3-D Velocity Estimation for Two Planes in vivo

Simon Holbek, Michael Johannes Pihl, Caroline Ewertsen, Michael Bachmann Bachmann, Jørgen Arendt Jensen

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    3-D velocity vectors can provide additional flow information applicable for diagnosing cardiovascular diseases e.g. by estimating the out-of-plane velocity component. A 3-D version of the Transverse Oscillation (TO) method has previously been used to obtain this information in a carotid flow phantom with constant flow. This paper presents the first in vivo measurements of the 3-D velocity vector, which were obtained over 3 cardiac cycles in the common carotid artery of a 32-year-old healthy male volunteer. Data were acquired using a Vermon 3.5 MHz 32x32 element 2-D phased array transducer and stored on the experimental scanner SARUS. The full 3-D velocity profile can be created and examined at peak-systole and end-diastole without ECG gating in two planes. Maximum out-of-plane velocities for the three peak-systoles and end-diastoles were 68.5 5.1 cm/s and 26.3 3.3 cm/s, respectively. In the longitudinal plane, average maximum peak velocity in flow direction was 65.2 14.0 cm/s at peak-systole and 33.6 4.3 cm/s at end-diastole. A commercial BK Medical ProFocus UltraView scanner using a spectral estimator gave 79.3 cm/s and 14.6 cm/s for the same volunteer. This demonstrates that real-time 3-D vector velocity imaging without ECG gating yields quantitative in vivo estimations on flow direction and magnitude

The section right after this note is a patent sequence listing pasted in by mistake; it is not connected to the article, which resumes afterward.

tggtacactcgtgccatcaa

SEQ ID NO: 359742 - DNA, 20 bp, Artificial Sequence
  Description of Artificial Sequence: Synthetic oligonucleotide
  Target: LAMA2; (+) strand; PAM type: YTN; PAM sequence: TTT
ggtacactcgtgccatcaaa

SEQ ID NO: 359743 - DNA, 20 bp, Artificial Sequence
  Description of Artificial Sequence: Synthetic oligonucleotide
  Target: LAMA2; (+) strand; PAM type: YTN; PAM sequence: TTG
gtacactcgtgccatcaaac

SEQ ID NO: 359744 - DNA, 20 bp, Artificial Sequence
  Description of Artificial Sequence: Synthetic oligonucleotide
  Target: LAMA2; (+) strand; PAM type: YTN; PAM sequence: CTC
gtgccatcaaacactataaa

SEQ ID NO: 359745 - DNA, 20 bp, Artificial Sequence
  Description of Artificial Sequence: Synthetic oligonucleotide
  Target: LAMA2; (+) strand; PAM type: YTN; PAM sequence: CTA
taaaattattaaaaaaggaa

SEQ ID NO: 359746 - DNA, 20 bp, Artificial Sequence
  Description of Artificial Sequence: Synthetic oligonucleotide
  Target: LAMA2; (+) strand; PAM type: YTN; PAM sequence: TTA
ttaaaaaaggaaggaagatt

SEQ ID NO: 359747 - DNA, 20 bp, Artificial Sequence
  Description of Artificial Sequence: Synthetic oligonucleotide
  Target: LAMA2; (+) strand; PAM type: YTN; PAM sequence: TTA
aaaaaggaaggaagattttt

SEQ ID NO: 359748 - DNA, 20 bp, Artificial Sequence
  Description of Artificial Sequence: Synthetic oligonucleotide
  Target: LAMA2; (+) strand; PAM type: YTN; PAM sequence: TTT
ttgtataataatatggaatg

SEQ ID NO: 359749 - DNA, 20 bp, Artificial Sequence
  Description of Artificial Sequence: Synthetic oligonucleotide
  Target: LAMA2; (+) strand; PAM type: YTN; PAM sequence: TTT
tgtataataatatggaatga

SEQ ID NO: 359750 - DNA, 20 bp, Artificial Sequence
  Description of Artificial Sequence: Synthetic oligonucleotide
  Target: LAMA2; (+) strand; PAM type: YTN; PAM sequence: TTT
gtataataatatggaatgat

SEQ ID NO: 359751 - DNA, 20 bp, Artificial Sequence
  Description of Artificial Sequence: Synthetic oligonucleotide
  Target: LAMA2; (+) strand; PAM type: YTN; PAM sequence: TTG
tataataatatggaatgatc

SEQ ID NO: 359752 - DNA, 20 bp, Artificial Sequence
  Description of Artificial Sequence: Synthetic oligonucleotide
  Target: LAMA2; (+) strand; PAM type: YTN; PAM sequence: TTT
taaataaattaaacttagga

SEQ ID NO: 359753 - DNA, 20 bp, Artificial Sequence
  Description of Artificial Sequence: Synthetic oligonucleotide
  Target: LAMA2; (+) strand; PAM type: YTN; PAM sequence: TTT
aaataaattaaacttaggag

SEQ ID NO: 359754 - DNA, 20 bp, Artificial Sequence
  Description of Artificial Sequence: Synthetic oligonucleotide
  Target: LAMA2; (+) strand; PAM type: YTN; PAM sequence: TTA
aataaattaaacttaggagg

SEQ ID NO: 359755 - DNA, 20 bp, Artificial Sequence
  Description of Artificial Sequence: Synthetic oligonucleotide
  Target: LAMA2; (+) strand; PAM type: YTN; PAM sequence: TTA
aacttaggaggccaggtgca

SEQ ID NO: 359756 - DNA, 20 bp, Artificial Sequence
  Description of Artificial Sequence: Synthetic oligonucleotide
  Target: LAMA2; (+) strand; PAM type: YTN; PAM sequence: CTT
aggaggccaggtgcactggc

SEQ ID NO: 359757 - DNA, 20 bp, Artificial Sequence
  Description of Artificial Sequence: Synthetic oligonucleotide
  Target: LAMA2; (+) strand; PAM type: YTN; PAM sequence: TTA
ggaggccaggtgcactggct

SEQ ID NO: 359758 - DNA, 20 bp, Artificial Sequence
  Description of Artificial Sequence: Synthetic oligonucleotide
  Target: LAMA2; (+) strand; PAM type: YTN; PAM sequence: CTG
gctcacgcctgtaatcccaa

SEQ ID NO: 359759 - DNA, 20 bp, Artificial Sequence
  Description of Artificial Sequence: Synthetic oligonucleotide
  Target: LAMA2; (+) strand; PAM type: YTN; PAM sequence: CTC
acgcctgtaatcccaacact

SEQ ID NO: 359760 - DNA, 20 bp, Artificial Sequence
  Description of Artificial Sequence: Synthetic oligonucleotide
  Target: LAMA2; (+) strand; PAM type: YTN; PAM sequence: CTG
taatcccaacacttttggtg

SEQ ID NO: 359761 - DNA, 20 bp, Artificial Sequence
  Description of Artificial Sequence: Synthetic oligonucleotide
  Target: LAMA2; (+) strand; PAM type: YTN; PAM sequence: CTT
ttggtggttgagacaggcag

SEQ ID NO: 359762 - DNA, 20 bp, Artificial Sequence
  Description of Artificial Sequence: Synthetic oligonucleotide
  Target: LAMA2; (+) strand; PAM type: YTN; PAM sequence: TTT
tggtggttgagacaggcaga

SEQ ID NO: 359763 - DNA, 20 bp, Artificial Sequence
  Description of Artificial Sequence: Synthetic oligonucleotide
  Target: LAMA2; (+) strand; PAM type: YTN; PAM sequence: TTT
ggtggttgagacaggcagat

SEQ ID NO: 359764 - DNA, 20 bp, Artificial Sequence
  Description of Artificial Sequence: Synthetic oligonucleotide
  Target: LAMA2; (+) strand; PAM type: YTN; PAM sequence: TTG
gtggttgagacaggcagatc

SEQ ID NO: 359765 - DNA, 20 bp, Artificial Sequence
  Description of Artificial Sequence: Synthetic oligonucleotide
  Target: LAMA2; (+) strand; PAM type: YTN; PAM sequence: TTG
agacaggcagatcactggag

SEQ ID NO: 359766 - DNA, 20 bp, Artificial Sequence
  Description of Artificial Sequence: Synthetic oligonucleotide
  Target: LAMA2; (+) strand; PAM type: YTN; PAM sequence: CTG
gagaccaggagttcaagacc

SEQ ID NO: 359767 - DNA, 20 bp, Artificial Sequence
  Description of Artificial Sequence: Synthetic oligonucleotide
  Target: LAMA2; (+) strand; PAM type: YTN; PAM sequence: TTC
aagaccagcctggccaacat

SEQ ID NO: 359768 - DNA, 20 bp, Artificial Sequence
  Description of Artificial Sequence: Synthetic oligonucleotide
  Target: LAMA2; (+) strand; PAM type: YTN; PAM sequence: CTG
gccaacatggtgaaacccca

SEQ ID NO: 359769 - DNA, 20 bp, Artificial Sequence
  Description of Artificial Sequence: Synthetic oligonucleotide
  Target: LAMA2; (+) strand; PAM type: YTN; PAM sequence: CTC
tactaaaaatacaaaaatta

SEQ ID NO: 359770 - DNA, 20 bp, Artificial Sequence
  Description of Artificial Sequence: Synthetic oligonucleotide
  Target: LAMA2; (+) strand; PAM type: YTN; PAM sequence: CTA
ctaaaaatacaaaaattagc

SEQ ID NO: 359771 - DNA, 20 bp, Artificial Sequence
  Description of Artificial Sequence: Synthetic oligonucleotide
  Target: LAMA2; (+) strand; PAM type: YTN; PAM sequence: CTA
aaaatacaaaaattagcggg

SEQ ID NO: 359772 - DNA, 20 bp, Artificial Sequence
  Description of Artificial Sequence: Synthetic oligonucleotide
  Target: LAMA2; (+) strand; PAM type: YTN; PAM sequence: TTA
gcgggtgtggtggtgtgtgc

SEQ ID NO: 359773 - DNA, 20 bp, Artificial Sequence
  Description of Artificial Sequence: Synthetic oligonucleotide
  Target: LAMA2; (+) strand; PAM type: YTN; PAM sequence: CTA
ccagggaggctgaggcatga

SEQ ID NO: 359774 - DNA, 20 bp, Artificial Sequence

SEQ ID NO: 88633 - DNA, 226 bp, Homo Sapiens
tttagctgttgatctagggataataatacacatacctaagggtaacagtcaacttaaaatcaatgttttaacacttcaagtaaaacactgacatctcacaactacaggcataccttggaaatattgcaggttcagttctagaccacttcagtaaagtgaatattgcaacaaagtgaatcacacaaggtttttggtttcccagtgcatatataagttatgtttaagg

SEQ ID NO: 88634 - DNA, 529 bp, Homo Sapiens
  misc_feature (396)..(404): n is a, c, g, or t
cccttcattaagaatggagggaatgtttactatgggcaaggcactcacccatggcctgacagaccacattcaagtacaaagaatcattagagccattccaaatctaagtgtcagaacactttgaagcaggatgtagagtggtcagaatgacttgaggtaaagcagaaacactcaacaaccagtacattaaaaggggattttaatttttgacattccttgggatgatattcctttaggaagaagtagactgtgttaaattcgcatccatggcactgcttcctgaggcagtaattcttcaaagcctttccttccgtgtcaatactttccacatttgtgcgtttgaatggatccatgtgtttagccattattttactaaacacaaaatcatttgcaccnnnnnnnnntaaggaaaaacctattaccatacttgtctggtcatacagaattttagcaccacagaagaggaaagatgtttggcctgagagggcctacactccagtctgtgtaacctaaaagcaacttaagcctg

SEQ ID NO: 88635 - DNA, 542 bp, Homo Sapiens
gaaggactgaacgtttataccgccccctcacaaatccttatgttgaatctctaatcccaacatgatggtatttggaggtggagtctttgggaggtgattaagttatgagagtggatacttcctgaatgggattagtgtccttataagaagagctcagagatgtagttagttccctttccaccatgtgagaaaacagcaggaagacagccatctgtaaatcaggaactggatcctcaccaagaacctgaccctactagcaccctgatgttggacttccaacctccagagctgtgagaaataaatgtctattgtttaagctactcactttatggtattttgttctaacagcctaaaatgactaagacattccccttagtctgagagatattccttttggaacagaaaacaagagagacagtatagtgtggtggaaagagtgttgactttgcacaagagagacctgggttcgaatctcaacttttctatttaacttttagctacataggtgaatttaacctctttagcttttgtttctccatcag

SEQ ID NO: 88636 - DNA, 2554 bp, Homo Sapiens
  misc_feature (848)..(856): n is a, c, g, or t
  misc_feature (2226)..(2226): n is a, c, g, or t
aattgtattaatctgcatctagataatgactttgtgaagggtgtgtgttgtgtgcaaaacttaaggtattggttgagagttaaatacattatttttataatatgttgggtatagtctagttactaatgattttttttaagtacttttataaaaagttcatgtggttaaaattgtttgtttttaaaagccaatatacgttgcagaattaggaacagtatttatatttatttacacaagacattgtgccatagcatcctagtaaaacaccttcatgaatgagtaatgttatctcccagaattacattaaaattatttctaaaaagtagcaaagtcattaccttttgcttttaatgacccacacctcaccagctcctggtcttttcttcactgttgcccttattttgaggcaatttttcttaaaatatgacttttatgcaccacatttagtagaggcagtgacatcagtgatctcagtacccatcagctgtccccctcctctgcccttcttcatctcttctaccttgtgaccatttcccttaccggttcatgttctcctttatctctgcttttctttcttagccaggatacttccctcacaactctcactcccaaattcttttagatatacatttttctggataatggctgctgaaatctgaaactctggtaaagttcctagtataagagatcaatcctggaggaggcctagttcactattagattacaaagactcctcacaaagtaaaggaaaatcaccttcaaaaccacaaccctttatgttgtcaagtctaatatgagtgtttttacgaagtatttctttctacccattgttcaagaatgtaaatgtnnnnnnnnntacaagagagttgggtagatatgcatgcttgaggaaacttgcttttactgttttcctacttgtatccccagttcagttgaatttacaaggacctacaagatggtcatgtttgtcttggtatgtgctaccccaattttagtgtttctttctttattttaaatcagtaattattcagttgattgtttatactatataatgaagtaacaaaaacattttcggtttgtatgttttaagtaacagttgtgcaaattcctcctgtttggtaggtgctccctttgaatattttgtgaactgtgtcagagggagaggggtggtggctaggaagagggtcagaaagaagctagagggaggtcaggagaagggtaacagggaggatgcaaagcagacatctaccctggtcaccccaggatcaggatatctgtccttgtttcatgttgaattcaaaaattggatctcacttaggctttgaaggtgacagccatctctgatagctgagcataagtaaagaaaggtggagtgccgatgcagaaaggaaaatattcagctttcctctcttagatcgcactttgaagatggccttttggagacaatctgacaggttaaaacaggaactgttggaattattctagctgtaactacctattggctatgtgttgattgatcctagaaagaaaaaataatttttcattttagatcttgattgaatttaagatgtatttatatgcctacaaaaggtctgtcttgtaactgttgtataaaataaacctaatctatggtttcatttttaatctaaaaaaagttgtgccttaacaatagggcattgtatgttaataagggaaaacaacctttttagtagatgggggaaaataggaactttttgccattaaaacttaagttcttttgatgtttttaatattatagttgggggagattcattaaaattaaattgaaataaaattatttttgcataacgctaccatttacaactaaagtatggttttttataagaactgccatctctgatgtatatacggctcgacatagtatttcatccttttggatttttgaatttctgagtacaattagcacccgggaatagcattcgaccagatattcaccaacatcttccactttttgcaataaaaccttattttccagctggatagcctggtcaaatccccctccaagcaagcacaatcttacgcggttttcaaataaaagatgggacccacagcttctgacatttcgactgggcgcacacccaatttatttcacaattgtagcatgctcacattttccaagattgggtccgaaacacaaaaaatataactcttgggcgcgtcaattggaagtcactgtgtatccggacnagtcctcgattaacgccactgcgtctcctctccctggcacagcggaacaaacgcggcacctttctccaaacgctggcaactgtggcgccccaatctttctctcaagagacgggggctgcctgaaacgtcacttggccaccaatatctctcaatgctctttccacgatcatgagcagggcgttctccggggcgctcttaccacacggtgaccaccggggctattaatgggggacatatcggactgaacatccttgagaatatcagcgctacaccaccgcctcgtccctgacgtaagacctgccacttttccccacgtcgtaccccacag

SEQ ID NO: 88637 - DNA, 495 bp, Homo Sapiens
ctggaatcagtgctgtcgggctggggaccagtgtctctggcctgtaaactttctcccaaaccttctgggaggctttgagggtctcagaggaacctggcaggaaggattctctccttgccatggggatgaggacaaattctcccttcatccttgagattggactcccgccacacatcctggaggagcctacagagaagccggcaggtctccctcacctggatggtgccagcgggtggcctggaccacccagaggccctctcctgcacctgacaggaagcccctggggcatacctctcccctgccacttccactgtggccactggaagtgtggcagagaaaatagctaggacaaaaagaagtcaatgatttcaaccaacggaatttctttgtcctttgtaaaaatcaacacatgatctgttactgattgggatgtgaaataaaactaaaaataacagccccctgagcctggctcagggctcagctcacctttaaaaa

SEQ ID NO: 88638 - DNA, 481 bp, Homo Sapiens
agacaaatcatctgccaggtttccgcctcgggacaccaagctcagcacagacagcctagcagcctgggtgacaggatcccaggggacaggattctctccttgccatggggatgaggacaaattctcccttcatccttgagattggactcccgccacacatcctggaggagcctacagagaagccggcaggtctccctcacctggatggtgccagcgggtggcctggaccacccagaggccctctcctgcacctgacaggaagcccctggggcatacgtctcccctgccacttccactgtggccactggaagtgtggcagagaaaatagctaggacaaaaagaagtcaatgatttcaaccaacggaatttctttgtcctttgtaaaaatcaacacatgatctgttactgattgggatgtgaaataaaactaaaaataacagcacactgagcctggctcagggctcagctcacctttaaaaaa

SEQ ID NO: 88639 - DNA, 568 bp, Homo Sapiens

Original languageEnglish
    Title of host publicationProceedings of IEEE International Ultrasonics Symposium
    Publication date2014
    ISBN (Print)978-1-4799-7049-0
    Publication statusPublished - 2014
    Event2014 IEEE International Ultrasonics Symposium - Hilton Hotel, Chicago, United States
    Duration: 3 Sept 20146 Sept 2014


    Conference2014 IEEE International Ultrasonics Symposium
    LocationHilton Hotel
    Country/TerritoryUnited States
    Internet address


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